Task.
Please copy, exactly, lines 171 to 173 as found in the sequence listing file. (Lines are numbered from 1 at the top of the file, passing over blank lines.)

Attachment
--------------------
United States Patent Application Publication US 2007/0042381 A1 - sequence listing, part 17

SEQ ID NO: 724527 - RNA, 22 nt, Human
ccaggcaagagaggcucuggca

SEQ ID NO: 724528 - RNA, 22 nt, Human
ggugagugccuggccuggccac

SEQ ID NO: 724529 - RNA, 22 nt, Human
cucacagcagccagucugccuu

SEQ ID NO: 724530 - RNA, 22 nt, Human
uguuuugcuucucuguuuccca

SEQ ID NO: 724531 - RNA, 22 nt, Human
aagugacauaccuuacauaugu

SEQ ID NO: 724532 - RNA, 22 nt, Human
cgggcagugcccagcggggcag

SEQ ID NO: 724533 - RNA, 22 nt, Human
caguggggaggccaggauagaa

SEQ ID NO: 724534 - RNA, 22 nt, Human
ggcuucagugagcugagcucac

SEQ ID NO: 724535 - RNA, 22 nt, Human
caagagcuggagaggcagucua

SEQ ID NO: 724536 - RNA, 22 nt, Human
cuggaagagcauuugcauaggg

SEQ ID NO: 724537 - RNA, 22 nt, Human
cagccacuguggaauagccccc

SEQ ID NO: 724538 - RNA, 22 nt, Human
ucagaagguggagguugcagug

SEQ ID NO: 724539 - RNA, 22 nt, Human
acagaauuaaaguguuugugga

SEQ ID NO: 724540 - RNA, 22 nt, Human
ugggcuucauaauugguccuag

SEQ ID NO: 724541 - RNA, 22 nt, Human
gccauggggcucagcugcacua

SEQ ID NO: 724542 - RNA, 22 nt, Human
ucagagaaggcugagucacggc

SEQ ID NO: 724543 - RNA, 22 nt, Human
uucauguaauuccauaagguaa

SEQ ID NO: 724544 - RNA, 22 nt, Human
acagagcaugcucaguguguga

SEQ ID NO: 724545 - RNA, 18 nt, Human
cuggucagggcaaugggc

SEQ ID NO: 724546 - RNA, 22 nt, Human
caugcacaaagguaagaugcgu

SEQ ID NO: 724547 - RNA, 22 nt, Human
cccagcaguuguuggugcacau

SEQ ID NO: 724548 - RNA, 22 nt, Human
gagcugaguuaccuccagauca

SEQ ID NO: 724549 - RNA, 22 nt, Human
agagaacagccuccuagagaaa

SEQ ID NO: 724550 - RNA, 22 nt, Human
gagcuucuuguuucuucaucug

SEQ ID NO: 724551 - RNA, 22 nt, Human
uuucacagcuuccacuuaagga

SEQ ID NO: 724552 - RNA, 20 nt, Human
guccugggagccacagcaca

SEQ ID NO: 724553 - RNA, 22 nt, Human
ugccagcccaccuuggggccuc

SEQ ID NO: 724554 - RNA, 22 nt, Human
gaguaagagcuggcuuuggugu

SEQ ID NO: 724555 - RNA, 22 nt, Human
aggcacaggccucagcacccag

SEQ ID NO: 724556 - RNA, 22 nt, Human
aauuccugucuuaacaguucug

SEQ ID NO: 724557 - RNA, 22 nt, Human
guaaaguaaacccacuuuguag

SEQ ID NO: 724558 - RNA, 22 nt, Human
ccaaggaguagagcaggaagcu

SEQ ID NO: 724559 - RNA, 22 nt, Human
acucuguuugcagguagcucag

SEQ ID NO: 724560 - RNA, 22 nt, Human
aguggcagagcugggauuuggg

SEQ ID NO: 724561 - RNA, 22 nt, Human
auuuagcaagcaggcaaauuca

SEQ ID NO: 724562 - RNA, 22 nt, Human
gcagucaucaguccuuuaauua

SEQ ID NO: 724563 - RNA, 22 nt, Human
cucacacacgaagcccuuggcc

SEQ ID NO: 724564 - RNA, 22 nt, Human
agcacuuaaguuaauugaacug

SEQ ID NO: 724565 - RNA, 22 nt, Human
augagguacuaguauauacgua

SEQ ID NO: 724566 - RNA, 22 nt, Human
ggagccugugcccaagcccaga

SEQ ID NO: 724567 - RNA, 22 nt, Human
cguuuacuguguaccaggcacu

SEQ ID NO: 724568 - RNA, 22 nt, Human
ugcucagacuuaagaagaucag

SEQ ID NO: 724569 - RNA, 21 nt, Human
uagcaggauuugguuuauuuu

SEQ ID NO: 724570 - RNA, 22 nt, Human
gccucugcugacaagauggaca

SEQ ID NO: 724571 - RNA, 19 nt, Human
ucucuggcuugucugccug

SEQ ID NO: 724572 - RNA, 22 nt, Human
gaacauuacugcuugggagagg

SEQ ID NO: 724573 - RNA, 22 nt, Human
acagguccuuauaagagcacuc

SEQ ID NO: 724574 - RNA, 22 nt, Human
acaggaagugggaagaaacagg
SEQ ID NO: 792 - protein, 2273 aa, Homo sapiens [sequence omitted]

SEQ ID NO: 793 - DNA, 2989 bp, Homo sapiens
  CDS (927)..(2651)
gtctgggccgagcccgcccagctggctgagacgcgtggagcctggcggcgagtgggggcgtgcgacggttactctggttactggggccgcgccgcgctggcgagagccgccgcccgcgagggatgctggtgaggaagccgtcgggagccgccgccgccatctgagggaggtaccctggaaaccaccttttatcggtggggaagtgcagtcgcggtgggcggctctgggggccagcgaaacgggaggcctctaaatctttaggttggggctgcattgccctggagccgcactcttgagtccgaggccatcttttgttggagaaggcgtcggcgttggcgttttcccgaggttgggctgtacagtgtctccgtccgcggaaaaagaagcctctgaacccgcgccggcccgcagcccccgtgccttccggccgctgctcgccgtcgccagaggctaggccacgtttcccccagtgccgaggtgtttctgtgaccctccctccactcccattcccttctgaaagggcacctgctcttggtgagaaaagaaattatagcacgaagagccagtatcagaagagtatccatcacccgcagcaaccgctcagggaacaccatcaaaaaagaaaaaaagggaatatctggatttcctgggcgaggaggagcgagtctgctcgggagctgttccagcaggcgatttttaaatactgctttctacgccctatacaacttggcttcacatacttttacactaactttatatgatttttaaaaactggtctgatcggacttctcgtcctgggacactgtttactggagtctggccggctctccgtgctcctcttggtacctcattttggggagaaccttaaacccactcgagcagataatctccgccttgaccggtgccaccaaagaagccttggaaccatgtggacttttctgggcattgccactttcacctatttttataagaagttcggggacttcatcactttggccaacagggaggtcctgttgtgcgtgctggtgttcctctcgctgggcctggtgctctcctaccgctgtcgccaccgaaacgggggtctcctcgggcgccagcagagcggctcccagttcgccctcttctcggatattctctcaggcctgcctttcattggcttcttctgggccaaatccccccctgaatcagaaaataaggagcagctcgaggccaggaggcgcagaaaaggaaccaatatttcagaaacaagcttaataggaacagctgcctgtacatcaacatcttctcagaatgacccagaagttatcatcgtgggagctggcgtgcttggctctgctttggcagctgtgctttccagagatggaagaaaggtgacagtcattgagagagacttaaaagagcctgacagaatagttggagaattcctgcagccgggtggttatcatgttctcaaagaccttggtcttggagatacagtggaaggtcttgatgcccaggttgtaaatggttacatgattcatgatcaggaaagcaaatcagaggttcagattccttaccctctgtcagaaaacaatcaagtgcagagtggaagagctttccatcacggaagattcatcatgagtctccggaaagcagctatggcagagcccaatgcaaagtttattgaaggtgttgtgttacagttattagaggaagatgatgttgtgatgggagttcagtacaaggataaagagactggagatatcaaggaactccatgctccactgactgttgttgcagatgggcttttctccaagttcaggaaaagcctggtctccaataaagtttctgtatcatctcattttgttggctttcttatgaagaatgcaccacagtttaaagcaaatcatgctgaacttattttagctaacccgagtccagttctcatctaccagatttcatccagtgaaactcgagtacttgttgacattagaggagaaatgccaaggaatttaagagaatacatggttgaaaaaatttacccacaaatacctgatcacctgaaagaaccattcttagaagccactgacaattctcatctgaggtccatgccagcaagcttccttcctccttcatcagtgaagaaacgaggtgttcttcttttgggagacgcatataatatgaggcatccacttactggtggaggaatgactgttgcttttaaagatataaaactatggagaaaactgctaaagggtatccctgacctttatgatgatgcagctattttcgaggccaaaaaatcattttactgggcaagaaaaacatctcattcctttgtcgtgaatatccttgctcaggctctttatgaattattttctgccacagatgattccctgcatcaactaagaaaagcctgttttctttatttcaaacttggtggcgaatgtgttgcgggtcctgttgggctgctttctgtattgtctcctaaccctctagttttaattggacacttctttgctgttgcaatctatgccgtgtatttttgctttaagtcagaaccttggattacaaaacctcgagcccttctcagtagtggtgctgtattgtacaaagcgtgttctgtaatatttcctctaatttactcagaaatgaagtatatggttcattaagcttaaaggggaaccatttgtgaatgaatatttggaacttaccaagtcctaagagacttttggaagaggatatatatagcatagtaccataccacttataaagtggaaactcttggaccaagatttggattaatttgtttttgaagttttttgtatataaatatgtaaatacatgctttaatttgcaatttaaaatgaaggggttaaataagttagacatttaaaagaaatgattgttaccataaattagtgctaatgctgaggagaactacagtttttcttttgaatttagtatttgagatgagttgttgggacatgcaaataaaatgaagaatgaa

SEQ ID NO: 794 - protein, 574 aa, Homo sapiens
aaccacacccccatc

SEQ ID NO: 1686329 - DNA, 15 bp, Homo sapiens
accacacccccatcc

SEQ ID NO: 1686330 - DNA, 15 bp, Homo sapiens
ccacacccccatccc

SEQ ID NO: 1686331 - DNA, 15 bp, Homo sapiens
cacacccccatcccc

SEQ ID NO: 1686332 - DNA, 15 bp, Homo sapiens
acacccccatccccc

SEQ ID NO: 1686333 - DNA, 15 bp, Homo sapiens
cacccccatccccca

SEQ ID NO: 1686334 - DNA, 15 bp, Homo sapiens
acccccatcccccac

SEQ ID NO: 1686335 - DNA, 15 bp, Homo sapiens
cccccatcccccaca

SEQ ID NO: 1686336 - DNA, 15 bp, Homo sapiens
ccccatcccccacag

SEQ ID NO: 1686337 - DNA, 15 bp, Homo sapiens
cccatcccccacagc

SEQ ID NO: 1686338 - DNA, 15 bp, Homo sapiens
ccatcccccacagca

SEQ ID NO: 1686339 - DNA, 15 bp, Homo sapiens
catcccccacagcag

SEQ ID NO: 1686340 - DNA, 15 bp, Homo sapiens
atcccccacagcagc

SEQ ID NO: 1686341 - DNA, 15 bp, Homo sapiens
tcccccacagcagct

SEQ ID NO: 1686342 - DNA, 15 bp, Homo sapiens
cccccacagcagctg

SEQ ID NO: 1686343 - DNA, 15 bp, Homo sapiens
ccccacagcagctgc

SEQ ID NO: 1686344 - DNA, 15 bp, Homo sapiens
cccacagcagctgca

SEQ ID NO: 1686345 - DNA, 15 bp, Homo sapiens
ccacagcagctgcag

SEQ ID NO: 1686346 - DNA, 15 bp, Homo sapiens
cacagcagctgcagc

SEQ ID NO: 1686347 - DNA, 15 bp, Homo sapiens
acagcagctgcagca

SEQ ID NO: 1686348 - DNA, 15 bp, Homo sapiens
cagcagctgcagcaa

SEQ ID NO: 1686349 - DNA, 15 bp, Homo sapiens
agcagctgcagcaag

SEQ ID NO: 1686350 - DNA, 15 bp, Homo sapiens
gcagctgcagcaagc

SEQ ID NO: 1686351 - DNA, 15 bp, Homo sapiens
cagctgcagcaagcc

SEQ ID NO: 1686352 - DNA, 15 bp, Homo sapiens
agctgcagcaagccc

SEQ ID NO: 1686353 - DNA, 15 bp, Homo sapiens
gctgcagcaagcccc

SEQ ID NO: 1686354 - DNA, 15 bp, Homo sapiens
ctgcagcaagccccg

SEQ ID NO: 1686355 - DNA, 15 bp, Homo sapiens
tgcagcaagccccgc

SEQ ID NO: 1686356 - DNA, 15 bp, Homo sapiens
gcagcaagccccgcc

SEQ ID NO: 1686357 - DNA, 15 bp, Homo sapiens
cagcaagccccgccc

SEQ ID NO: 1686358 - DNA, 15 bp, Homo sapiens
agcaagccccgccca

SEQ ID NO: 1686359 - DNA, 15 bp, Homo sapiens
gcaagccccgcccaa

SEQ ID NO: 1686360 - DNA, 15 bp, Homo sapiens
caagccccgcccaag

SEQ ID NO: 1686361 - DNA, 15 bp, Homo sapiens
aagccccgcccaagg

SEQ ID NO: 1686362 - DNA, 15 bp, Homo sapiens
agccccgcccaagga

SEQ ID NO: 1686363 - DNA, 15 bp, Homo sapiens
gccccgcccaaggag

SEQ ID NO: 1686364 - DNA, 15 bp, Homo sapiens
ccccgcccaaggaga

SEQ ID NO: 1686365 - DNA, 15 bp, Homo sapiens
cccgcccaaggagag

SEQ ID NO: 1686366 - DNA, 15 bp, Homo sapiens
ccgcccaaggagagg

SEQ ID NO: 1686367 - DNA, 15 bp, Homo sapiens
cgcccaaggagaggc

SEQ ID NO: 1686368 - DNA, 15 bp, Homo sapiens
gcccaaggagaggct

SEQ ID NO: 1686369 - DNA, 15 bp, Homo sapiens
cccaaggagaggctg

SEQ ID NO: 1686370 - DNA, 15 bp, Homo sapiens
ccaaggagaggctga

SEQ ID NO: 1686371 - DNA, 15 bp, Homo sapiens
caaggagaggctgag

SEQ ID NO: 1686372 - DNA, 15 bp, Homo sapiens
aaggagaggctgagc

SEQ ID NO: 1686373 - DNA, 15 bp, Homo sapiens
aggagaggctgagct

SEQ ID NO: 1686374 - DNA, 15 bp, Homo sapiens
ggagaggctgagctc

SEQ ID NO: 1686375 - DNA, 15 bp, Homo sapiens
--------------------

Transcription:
agccccgcccaagga

SEQ ID NO: 1686363 - DNA, 15 bp, Homo sapiens
gccccgcccaaggag